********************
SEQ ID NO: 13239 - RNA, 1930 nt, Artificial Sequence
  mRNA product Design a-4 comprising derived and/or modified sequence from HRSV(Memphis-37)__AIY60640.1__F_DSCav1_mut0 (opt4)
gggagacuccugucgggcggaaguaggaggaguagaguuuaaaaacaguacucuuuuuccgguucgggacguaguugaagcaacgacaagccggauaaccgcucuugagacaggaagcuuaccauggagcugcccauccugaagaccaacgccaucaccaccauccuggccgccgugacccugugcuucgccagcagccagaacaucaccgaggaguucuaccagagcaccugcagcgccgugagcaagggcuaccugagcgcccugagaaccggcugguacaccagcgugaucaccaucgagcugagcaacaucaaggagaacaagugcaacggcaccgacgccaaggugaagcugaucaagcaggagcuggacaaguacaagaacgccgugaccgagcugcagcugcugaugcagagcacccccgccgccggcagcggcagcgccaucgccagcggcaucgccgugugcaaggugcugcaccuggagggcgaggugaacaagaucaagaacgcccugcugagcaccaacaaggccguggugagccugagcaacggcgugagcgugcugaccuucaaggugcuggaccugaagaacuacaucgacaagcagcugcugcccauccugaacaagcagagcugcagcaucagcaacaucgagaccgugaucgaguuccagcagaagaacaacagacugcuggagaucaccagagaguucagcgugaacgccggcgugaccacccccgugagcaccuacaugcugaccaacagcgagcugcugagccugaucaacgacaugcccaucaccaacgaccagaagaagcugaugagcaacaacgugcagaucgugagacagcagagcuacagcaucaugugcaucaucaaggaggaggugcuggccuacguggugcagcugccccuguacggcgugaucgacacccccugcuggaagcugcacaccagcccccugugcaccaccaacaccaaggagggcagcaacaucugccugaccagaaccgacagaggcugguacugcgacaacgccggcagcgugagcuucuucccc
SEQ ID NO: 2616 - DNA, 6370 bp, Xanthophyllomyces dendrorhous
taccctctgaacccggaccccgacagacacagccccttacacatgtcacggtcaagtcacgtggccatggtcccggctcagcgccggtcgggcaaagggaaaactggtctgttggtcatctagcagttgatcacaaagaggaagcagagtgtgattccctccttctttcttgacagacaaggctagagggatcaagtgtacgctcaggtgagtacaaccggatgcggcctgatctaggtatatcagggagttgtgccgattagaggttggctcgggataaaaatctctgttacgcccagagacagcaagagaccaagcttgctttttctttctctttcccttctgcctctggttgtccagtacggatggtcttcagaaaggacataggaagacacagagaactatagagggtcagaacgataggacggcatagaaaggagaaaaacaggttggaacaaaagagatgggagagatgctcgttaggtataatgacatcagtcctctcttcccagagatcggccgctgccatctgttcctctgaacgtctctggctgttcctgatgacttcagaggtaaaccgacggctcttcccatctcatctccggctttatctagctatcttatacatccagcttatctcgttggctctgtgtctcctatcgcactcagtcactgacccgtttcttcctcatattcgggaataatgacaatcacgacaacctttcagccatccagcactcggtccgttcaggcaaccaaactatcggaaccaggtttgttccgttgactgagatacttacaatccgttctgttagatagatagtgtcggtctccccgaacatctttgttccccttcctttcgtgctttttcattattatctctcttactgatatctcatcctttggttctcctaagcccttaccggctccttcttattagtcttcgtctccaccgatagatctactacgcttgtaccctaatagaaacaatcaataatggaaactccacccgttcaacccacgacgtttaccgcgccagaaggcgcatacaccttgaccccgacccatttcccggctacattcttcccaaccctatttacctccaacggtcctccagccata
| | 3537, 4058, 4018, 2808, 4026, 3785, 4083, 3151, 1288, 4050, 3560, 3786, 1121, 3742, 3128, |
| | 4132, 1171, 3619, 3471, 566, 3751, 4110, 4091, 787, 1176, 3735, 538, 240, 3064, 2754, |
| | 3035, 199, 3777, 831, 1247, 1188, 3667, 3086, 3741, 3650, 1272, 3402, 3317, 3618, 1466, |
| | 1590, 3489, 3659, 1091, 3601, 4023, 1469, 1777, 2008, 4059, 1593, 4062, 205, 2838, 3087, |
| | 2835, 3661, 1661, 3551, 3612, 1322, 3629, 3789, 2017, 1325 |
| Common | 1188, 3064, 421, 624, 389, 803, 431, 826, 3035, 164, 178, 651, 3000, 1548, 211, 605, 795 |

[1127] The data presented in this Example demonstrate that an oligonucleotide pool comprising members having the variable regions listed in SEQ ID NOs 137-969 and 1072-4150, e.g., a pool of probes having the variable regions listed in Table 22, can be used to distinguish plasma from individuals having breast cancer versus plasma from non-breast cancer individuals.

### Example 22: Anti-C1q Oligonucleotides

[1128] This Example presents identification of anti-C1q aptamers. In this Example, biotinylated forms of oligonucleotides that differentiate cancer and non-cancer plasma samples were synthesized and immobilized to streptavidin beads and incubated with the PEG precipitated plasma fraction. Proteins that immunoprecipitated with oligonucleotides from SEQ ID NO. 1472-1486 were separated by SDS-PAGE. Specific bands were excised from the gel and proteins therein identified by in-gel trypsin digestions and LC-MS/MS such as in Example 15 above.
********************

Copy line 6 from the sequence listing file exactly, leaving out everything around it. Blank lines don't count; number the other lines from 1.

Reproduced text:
| | 3537, 4058, 4018, 2808, 4026, 3785, 4083, 3151, 1288, 4050, 3560, 3786, 1121, 3742, 3128, |